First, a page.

CATP Museum President:
Training Plan Museum
CATP Museum Site ~ Victory Garden
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Updated March 2006
I am writing to introduce myself as the new President of the Commonwealth Air Training Plan Museum (CATPM), [Brandon Manitoba]
I feel a bit like the new “Wing Commander” promoted to a senior position by attrition of his “Senior Officers,” when he would rather be flying. I suppose however that this is a normal state of affairs. I do not come from an “armed services” background. My father and uncles served in WW11. I spent time as a young boy visiting military bases and have always had a love of aircraft – although some may call this an affliction. As I became aware of the needs of the CATPM, I began to volunteer whenever I had spare time. It was then that I realized the dedication of the people who started this organization is truly commendable.
I often wonder why so little is known about the “Plan.” During my youth as a “baby boomer,” WW11 was considered a recent event. Those who experienced the events of WW11, and survived, needed and wanted to get on with life and, as a result, the Plan has not been well covered in our current history texts. It seems that history does not become a matter of record until several generations have passed … by then the picture is dim. I have come to the conclusion hat we must record, preserve, and tell this story now.
History has always been the mirror in which we see ourselves reflected. The surface of the mirror gets cloudy with time. It is not an easy thing to stand here today looking at a past I did not experience, and use that mirror to shine light on the future.
It has often been said that history repeats itself. Let us pray that statement is not true.. I believe that by doing a good job of following our museums purpose, philosophy and mission we will be able to provide vantage point from which we can view the future.
Canada has a rich heritage in which the British Commonwealth Air Training Plan (BCATP) played a truly significant part. The Museum’s planning and fund raising committees have a vision of what the CATPM can become as a museum in which to display this portion of Canada’s Heritage. May our future, and that of the next generation, be brighter.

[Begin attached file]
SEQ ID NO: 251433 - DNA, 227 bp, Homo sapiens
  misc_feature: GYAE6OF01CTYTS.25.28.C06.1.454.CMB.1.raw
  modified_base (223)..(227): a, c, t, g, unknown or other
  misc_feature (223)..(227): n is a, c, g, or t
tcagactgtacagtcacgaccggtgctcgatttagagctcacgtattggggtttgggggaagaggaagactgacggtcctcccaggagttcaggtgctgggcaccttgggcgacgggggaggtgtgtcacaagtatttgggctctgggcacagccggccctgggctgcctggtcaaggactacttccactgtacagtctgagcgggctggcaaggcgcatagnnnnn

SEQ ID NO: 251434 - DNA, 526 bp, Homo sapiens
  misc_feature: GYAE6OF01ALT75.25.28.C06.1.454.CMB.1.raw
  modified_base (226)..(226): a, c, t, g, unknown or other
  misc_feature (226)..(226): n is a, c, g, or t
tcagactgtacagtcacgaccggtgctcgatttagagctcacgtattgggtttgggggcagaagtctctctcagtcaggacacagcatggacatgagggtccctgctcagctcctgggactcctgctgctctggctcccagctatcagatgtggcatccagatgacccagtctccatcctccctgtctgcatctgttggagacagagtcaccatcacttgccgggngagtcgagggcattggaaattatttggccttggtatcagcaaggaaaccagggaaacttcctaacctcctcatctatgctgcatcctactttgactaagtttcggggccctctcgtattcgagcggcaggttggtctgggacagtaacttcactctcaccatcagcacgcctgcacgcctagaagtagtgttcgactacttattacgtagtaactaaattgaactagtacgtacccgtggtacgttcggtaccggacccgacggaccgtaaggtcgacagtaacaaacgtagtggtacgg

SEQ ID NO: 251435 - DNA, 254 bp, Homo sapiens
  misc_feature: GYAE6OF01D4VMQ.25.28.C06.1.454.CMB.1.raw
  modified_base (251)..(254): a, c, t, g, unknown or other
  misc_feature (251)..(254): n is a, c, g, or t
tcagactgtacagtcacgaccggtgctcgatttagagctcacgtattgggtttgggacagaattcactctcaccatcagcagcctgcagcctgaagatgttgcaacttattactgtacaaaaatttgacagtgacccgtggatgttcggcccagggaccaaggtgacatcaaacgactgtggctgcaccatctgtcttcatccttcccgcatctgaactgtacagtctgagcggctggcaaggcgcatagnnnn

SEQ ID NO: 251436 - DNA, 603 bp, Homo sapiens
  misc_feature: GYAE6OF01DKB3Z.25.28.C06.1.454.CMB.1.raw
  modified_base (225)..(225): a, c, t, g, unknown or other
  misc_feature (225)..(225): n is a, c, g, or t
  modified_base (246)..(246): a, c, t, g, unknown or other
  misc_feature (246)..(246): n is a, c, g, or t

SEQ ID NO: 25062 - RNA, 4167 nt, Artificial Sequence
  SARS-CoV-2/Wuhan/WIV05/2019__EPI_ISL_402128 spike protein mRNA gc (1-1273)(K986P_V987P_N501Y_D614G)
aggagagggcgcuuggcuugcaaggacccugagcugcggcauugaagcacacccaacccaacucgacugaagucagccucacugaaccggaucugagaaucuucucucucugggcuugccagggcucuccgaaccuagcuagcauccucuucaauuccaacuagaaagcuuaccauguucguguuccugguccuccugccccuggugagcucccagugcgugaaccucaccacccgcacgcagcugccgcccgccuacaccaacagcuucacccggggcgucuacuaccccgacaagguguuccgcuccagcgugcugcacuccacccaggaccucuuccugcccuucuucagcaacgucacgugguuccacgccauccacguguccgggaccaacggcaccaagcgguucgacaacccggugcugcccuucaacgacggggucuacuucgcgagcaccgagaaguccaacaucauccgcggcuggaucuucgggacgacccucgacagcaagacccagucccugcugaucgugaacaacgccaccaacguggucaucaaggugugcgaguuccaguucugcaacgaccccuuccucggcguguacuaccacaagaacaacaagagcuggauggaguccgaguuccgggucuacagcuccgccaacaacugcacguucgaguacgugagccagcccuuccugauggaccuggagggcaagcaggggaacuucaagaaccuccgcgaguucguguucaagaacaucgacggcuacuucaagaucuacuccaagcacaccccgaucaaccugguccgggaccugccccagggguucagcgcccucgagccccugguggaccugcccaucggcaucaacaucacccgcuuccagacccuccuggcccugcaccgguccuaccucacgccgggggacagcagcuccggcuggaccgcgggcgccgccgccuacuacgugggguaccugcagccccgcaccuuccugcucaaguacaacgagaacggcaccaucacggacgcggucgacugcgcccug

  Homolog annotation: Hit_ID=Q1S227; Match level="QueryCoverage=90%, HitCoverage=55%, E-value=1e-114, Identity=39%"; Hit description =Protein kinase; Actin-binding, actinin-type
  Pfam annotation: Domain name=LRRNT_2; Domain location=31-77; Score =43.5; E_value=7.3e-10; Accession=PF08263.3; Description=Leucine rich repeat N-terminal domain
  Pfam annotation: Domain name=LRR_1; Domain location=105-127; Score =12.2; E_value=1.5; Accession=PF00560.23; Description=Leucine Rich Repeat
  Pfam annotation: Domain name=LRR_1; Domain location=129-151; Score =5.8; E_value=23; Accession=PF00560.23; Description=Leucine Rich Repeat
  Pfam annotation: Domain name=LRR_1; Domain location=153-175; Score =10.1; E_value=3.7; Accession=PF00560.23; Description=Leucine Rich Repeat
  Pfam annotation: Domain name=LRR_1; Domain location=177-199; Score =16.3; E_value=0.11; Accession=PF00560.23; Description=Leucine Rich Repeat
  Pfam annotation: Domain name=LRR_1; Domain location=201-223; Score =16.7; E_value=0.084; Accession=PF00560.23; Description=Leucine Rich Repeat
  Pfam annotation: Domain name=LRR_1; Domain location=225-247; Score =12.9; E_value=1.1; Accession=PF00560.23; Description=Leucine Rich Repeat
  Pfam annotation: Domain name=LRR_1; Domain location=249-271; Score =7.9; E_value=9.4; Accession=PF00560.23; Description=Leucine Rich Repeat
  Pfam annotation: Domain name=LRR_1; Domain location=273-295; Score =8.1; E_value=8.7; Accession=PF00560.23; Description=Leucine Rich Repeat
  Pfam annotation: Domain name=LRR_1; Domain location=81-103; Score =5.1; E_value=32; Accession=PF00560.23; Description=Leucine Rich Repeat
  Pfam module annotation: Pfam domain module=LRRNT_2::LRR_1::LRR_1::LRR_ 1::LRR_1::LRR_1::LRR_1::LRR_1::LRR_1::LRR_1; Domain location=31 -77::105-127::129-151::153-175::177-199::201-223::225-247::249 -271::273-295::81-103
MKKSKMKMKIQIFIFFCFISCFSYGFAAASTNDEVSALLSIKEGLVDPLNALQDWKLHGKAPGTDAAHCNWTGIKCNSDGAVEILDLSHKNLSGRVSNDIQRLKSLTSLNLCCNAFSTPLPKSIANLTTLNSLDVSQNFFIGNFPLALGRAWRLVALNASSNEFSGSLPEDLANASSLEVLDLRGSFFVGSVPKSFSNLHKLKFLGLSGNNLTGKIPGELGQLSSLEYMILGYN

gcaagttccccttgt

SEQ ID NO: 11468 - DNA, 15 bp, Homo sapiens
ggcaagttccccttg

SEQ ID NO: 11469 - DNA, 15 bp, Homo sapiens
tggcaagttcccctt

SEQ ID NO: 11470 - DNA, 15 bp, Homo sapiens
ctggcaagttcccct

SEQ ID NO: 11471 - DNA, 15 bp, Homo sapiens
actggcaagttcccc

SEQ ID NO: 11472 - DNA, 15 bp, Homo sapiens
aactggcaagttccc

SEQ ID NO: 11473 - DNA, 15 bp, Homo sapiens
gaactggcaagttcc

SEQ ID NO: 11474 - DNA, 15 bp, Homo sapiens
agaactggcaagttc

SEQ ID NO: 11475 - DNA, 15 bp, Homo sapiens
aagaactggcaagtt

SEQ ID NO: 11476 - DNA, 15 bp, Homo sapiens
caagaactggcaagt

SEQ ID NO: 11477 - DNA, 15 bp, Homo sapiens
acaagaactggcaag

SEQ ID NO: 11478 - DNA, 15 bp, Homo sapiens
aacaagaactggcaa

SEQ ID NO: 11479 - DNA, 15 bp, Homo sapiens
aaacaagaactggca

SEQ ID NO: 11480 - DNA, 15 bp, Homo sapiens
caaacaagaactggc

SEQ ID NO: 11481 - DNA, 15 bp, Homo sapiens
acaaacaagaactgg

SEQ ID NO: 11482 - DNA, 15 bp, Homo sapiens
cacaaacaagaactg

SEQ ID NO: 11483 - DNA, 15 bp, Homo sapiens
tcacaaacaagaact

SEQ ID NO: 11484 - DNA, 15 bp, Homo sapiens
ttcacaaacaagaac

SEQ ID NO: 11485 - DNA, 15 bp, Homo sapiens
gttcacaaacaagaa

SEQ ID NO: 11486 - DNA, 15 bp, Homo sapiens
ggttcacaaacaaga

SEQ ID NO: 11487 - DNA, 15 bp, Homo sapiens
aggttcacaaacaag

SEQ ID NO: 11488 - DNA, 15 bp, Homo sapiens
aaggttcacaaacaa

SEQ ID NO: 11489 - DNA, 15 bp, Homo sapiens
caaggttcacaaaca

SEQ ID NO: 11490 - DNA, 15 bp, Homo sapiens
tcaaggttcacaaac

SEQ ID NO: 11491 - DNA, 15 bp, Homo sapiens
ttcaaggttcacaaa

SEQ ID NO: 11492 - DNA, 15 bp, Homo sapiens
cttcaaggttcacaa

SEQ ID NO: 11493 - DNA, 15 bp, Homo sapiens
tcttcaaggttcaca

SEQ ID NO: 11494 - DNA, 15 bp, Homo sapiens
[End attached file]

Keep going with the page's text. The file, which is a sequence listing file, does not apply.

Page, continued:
I feel very privileged to know some of you as veterans and as friends. May I ask the veterans, that you would tell your stories to any of the younger generations who ask? It may not be easy. You may feel your part was not important in the grand scheme of events, but I urge you to let us know what happened. The importance of each of your contributions to the whole is what made this country, and the so-called “Free World”, what it is. It is your first person accounts of the events that will ensure the accuracy of the history of tomorrow.
I am also very concerned that the staff of the CATPM is aging. Younger people are needed to help in many capacities. If you are a younger person with skills of any sort to offer, please make yourself known, we need your help. To those of you both young and old, who are doing the work of the museum … we thank you! Please contact me with your concerns, advice, offer to help, or what have you, and I will endeavour to respond. I am honoured to serve. We will remember them …
Passenger Reg Forbes in the Cornell on his way to the 2004 Virden Sno-Birds show.
Reg was in a Cornell on the same airfield 60 years ago!
Commonwealth Air Training Plan Museum.
Ex-Air Gunners Association
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